However, the EU Commission is still sitting on a complaint submitted by Klubrádió years ago against unlawful state support to pro-government media. We have just seen how it ends: the Hungarian government could once again manage to silence a dissident voice due to inaction.


The Commission could not only step up against these irregularities in a much more effective way. It should bring more infringement actions regarding the Article 7 procedure because the violations of press freedom and media pluralism are among the significant concerns listed under the procedure’s scope.


Hungary should have been a huge warning that the combination of weak institutions and shrinking advertisement space in Central-Eastern Europe provides a favorable informal media capture environment.


We must not overlook the German industrial actors’ general responsibility who let Orbán get away with this. The German automotive industry is reluctant to advertise in non-governmental Hungarian weekly, Magyar Hang, among others, to keep their business privileges received from the Orbán government.


In his context, we must take the Polish government’s latest moves seriously. I highly recommend reading the alarming scenario report of Visegrad Insight about the long-term implications on Information Sovereignty.


In Poland, the government aims at preserving the freedom of expression on social media by constraining Big Tech companies. Hungarian government followed up. What does it propose and why?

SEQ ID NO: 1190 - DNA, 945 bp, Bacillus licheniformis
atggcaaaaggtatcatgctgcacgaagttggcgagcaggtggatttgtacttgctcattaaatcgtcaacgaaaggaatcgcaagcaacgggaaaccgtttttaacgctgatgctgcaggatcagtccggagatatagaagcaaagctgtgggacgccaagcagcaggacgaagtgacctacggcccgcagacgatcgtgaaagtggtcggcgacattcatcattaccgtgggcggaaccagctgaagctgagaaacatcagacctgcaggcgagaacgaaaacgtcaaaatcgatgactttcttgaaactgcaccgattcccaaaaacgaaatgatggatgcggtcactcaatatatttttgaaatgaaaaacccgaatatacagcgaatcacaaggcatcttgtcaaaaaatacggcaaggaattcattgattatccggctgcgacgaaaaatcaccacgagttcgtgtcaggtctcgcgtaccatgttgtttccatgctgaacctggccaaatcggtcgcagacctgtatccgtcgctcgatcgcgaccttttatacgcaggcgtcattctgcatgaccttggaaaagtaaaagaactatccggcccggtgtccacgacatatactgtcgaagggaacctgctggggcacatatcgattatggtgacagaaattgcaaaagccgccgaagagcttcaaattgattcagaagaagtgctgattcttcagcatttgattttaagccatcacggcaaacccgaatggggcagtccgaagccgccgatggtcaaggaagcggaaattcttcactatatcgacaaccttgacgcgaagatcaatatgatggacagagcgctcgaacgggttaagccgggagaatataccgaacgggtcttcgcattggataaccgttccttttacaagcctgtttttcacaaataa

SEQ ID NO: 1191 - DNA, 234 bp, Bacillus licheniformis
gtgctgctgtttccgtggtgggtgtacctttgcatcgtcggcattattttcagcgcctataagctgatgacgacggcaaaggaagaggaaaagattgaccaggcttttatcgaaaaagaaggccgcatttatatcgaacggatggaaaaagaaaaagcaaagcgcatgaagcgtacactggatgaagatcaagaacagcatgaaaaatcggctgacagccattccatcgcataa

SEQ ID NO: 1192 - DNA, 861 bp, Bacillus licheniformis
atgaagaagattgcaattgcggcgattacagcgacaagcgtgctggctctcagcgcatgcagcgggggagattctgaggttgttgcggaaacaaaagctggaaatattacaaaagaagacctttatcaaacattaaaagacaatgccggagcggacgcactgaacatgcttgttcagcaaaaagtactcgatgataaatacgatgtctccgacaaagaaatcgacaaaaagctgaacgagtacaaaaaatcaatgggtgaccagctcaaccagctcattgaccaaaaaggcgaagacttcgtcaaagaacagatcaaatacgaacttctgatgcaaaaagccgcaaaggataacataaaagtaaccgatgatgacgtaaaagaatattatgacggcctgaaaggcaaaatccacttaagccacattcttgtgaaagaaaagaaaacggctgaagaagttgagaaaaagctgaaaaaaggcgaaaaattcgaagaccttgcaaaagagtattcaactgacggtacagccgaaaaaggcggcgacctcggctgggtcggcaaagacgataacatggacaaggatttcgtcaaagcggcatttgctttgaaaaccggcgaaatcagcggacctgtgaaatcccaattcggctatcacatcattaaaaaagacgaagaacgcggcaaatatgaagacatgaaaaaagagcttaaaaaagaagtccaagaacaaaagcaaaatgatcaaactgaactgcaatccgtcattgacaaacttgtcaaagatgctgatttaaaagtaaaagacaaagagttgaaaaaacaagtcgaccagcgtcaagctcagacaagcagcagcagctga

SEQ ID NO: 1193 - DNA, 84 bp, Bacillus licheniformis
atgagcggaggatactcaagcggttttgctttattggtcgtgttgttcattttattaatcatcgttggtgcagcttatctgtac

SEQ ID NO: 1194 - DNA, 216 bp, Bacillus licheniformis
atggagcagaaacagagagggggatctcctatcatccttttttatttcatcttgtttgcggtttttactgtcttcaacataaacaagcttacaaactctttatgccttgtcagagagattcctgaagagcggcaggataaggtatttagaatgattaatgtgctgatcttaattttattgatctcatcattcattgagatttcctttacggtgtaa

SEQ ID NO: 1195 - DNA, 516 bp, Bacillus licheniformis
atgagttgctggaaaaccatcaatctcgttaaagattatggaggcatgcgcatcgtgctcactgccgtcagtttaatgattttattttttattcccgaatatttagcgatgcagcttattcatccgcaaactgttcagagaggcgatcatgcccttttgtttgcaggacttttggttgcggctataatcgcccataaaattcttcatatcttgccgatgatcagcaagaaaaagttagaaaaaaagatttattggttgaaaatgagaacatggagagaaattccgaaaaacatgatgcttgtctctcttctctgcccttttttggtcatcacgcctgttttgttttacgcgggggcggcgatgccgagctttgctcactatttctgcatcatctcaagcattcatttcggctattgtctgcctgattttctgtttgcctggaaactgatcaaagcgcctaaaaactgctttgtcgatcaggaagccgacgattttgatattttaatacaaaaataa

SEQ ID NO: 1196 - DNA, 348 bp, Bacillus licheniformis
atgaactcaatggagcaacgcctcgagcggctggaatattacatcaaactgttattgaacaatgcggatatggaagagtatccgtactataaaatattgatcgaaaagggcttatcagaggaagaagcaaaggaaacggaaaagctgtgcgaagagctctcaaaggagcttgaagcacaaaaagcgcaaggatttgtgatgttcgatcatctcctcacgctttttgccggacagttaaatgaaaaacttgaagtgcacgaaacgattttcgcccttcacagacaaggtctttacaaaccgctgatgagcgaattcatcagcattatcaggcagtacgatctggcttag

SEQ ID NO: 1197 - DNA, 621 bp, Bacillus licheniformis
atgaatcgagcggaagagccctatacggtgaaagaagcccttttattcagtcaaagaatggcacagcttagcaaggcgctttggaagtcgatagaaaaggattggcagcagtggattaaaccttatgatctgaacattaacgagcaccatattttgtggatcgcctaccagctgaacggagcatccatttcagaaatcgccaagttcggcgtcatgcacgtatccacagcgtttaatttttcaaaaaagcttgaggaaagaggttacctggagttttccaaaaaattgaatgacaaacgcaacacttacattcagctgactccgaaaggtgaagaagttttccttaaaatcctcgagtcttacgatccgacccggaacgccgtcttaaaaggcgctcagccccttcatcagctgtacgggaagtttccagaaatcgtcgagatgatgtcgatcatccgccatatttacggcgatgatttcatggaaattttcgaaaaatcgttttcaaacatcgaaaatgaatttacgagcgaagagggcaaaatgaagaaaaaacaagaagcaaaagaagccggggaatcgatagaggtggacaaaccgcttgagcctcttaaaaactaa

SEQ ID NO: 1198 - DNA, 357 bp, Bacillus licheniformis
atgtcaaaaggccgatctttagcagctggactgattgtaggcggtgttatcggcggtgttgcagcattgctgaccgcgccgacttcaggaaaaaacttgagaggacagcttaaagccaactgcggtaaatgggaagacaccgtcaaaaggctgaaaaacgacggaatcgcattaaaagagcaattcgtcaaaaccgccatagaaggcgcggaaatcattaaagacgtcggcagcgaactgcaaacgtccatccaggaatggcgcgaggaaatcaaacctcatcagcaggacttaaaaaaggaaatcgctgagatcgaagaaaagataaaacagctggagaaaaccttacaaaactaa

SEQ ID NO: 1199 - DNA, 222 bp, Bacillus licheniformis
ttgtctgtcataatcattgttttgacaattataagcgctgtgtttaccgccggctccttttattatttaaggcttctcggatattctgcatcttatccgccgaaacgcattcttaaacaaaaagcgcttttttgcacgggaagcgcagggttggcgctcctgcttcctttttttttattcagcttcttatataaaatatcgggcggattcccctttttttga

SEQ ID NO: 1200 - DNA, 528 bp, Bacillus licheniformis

Due to the distorted media environment, social media, especially Facebook remained one of the platforms where the opposition could meaningfully compete with Fidesz’s narratives.


Facebook is only one of the potential communication channels for the governing party. However, it is a primary strategic platform for the opposition.


Orbán’s party core electorate are the elderly, villagers, and those with little formal education. Fidesz struggles to reach out to the social media-savvy younger generation.


The government has had to regulate tech giants on the agenda for a while, but it lashed out against them after Facebook and Twitter banned Donald Trump. Fidesz is now accusing social media platforms of reducing the visibility of conservative, right-wing views. The reason behind the Hungarian government’s goal to restrict social media platforms ahead of the EU is mainly politically-ideologically driven. Fidesz is presumably seeking to outpace the opposition on social media on this platform in the upcoming electoral campaign.


Recent polls suggest PiS loses support in Poland. How is Orban’s government doing in Hungary, and what is the opposition doing?


Fidesz lost 0,5 million voters and has struggled to reach out to the younger generation. It is not a coincidence that the government is restricting the independent media even further. The next step might be the restriction of the internet/the social media.


The Hungarian opposition decided to join forces. For the first time in a decade, there is a slight chance that they could win. They started to coordinate on a policy level and elaborate on how to restore democratic institutions when they are in power.


Fidesz aims to delegitimize the opposition and hider their chances to succeed. After the opposition managed to win Budapest and 10 out of 12 big cities in the 2019 local elections, the government restricted their financial and political autonomy under the guise of fighting with the COVID pandemic.